The Namche Bazaar Day
Namche Bazaar is the largest main town at the beginning of the Everest trekking trail. It’s spectacularly set amongst towering mountains, and houses are situated in layers along the slopes, and it’s a stunning sight to see.
But this story is not about the town, it’s a story about the huge incline up to the town and my own personal struggle, and what I found out about myself and what I already know to be true.
It was the second trekking day, we had stayed the night at Tok Tok a small village just past Lukla, the teahouse we stayed at was run by a family and the daughter had a cute little baby.
I did my daily practice of yoga stretches and qigong, we had breakfast and we set off in good spirits.
The scenery was breathtaking and I couldn’t help feeling very grateful that I was eventually here.
The guys who were aiming for the summit and were very fit forged on ahead, leaving John, Tim the leader’s dad,and I trekking behind, and it soon become apparent that it was going to be slow going.
The hill was very steep and john and I had to keep stopping every few steps to catch our breath and drink some water.
Our guides Prabin and Dep Kumar offered to take our rucksacks, which at first we felt guilty about because they already had huge loads, but we had to let them as john and I were struggling big time.
I kept thinking, “I should have trained more” I didn’t do many hills in my training, but as Alex, a fellow comrade said, “how can you train in the uk for something like this”. Thoughts of “what am I doing here and what have I let myself in for” kept going through my mind, yes I was being negative, but I now realise it was like a breaking in process for much more of the same to come.
John who was in his 70s was amazing, he kept saying “keep plodding on” he did inspire me to carry on and stop stopping so much, because I was to learn that there is an art to trekking, and that is to slow right down when you get out of breath, and to keep moving.
John was also a joke teller which made the situation lighter, but I will admit to not enjoying the scenery, and finding it all completely exhausting, but in hindsight and I do give myself credit for this, at no point did I have feelings of giving up.
We crossed many well constructed suspension bridges, which crossed raging rivers, and had prayers flags attached to them flapping in the wind. The bridges were quite bouncy and I enjoyed crossing them, it felt exciting.
But the gruelling incline continued, and I developed another problem a sore left little toe, which potentially could ruin the trip if it got worse. I put a plaster on and I started worrying about that, I told Tim and he had a look at it and put another dressing on.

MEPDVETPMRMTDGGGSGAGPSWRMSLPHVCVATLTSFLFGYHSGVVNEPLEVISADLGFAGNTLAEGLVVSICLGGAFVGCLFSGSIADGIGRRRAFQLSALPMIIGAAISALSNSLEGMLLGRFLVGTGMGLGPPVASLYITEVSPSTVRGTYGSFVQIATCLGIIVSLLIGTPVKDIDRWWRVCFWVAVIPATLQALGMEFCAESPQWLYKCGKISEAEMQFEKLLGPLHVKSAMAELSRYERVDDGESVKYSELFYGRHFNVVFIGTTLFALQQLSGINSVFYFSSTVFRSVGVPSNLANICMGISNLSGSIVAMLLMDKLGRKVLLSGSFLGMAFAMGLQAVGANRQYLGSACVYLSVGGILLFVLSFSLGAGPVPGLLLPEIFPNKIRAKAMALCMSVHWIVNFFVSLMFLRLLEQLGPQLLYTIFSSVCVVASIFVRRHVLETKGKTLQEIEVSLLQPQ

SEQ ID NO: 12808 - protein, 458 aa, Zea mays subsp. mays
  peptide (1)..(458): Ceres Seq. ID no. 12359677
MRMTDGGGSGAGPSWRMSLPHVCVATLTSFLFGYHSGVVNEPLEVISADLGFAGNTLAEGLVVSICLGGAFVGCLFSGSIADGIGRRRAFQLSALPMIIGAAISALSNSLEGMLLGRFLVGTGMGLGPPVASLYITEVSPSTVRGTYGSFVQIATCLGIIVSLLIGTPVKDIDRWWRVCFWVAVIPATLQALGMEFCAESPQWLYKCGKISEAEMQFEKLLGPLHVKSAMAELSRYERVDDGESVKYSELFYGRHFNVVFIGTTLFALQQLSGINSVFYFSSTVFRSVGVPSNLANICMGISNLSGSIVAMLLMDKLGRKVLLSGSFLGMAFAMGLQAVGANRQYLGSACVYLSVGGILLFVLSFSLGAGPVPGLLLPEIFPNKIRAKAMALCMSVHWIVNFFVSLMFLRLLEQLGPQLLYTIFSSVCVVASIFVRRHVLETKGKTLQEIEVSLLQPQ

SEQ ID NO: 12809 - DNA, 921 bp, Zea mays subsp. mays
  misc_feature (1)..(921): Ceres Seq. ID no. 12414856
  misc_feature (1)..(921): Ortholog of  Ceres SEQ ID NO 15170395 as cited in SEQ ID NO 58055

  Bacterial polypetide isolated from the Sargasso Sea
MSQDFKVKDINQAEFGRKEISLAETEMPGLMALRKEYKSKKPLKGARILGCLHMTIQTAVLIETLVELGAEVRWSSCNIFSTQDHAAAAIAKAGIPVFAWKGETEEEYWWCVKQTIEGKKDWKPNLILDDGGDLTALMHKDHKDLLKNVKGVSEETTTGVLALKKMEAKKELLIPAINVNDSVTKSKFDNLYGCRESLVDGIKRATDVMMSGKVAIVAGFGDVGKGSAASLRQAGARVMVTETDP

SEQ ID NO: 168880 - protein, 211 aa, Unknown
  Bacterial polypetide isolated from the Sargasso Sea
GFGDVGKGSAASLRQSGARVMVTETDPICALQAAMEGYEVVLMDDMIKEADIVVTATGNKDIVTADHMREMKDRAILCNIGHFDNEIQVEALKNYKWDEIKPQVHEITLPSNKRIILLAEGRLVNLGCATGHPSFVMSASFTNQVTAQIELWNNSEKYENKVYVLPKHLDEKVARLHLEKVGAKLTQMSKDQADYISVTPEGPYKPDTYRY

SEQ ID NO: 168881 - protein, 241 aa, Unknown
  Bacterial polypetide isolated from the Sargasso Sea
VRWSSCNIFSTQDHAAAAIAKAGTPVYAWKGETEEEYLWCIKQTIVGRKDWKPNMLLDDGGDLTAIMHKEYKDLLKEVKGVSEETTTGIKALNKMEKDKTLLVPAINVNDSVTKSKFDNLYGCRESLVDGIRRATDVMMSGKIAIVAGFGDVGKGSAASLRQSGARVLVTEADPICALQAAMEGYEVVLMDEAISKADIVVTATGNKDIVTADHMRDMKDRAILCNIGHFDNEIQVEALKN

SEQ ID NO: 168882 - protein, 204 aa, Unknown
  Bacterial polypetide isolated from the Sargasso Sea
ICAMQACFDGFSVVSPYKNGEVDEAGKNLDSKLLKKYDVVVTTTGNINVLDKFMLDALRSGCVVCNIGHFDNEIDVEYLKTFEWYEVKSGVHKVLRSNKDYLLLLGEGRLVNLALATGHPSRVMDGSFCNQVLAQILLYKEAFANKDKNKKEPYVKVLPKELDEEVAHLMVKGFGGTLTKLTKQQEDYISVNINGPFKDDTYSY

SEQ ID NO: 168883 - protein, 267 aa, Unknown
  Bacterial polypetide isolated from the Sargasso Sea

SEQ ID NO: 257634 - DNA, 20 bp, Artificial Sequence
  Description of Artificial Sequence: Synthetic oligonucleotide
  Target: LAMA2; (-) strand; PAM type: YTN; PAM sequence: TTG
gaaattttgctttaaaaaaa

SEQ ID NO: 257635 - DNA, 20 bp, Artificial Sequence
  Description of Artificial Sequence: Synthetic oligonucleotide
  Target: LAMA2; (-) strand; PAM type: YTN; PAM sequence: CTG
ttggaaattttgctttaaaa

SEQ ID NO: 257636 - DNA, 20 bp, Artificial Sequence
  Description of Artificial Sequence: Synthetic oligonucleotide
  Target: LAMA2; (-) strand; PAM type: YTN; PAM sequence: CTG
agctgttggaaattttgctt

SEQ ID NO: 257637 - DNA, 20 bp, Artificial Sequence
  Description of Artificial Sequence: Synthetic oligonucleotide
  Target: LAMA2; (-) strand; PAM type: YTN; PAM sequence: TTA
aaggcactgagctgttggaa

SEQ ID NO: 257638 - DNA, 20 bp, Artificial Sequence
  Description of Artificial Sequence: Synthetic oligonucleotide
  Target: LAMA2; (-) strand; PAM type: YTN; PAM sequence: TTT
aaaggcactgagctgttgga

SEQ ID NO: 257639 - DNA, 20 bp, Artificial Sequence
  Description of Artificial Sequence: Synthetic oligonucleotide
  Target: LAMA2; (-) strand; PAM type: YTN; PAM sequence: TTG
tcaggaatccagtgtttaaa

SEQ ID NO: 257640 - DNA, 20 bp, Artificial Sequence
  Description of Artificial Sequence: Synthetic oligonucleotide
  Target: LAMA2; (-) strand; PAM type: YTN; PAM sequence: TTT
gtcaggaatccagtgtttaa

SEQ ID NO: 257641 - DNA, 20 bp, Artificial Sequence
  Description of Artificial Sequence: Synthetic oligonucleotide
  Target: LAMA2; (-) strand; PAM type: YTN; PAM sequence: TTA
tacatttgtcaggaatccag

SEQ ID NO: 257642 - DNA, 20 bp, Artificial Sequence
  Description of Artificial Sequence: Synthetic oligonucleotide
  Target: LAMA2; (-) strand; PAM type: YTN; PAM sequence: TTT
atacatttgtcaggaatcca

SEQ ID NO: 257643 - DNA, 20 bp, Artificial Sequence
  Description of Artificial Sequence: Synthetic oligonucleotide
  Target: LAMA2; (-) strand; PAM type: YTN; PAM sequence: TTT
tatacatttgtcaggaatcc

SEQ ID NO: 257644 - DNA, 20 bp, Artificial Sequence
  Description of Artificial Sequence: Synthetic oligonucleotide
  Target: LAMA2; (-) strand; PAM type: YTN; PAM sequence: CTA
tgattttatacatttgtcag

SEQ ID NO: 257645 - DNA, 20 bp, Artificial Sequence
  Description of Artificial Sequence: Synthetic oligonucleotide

I then started feeling exhausted and light headed, which I put down to a low blood sugar, so we stopped and had a drink and bar of chocolate, but then I noticed I was no longer worried about the toe and it had stopped hurting.
It was a case of what you focus on you get more of, and what you think about you bring about. The law of attraction in action.
Infact, the sore toe toughened up and I didn’t have any more trouble with it.
John, Prabin, Dep Kumar and I arrived at Namche Bazaar greeted by Tim who congratulated us on getting there. We had lunch and had a well deserved coffee and chocolate cake, at the famous Everest Bakery.
We headed off for another hours trekking to stay at the Ama Dablam lodge at Kyangjuma, where Tim’s friends Tashi and Lakpa own the teahouse.
All in all a very challenging day, but filled with very necessary strengthening tools that were to stand me in good stead for the forthcoming trekking adventure.
I didn’t mind admitting to Tim that I found it very tough and was totally out of my comfort zone, after all who likes struggling and being exhausted, but it was a necessary breaking in process that would eventually prove to make me very strong.
It also proved to me that what you focus on expands, eg with the sore toe, then the exhaustion and light headedness, which I already did know, but this example showed me in a profound way, and that usually you can only think about one thing at a time.
So to be a deliberate thinker of those positive thoughts is a very good tool to have in your tool box.
Yes the Namche Bazaar day was to be the initiation catalyst to toughen me up for the trekking adventure ahead, and for that I was eternally grateful.
Have a wonderful Monday
Lots of love